At Digital Mined we frequently use freelance platforms like oDesk and Elance, and therefore we are used to reading through hundreds of applications from freelancers. Despite all that experience, we still get surprised when, at times, really good freelancers lose out on jobs because of the way they apply.
We have written a lot about what can be done with this particular problem (just read the brief carefully and reply to everything in it), however this time we will try to look into why it happens. To explain possible reasons, we will try to give a few practical examples based on things we have experienced.
Here are a few possible reasons why cover letters are not even close;
- Bad English. It is possible a lot of freelancers know they have limited skills in English, and therefore choose to write, and send, generic cover letters hoping that 1 in 10, or 1 in a 100, will lead to work. On oDesk this can be supported by the fact that often about 10% of applications get withdrawn by the applicant 1-3 days after being posted. The freelancer know they have a limit of how many application they can have at any given time, and therefore withdraw if they do not get a speedy reply.
- Lacking skills. oDesk has recently introduced the possibility of asking targeted questions to each applicant, as part of the application process. Some freelancers might be frustrated by that, however as a client we love it! It allows us to ask difficult targeted questions, which immediately unmasks if the freelancer is qualified, and can save us hours.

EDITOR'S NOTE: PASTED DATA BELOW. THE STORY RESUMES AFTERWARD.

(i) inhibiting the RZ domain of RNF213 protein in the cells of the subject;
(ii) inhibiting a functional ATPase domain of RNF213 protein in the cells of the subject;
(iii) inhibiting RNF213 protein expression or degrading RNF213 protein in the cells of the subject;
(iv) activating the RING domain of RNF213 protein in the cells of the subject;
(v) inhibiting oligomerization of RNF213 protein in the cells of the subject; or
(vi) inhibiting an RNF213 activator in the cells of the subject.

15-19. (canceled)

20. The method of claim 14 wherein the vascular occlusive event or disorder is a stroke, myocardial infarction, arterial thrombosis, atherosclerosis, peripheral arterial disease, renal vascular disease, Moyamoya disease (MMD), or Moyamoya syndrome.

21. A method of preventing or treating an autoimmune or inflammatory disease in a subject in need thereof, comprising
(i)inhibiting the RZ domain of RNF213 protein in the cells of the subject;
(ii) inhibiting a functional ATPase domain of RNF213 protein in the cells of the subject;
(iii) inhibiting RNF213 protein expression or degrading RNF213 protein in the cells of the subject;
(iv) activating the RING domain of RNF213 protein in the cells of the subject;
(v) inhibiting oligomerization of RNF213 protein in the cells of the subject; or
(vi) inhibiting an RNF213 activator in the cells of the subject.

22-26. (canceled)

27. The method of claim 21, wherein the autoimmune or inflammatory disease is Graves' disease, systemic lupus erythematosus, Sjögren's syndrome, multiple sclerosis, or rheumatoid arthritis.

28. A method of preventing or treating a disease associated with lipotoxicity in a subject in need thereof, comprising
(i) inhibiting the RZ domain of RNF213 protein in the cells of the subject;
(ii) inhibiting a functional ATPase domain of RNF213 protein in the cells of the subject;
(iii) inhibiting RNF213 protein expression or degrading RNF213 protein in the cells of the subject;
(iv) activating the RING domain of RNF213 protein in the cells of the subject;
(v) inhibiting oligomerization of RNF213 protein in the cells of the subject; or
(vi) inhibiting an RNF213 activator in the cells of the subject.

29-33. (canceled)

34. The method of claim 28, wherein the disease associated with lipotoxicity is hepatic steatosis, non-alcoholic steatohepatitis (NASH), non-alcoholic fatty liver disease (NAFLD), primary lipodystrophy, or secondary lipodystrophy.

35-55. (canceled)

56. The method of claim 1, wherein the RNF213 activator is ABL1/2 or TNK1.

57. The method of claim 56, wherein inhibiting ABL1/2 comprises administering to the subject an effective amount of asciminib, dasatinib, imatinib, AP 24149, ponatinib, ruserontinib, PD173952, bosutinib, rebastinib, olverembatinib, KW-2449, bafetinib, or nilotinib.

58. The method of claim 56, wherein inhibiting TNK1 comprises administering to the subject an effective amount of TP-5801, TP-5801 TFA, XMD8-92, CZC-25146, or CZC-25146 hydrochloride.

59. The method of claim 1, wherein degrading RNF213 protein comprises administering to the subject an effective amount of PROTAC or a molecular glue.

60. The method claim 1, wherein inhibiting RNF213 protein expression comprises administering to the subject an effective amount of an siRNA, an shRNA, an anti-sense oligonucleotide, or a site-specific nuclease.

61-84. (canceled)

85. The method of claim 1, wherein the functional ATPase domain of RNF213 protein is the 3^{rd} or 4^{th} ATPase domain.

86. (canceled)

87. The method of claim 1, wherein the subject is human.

- Low ethical standard. There are bad clients out there who treat freelancers badly, however there are also freelancers who care more about making money than pleasing the clients needs. As a client, I see it as downright disrespectful if I politely ask the freelancer in the brief to answer a particular question, and there is no hint of a reply to it in the response to the brief.
- Not understanding the process. Some freelancers blame clients, or their platform of choice, if they do not get work. We would suggest those freelancers get an external evaluation of their profile using Freelyzer, evaluate the market value of their work, and how they apply. Most clients deal with 30-150 applications for every job post they put in. When we hire, usually no more than 2 minutes is spent per application.
- Preferring to chat on Skype. A lot of freelancers know that they will have a higher chance of landing the job, if they have the opportunity of interacting with their clients on Skype. Clients however, do not want to spend time chatting with someone, unless they are sure there is a good chance of the candidate being a good fit for their job, before they chat. We have interviewed candidates where just the first question was enough to unveil the lacking fit.
- Thinking it is all about them. A lot of cover letters almost give the impression of being an ad, when they really should be more like replies to a conversation. Clients are thinking; “Did they get the brief?”, “Did they understand what I want?”, “Are they able to come up with a thoughtful reply that show they are qualified?”. Some of the best replies we have received are short, but clearly show that the applicant has read, understood and replied with a brain.
- Quality of clients. It is very possible that clients get a taste of their own medicine, when they price the work they want done so low that the applicants who would give good replies simply will not apply. Often it can be worth asking yourself, as a client, what you have done to deserve your team. Both in good times, and in bad. Having a clear defined process, and being willing to pay above market price, can ensure you get the best people.
If you are a freelancer that think most of the points above was hard medicine, please take it with love. Yesterday I flickered through 60 applications for a position and shortlisted 3. That is 5%. There is nothing I want more than to increase that percentage so freelancers make my job hard.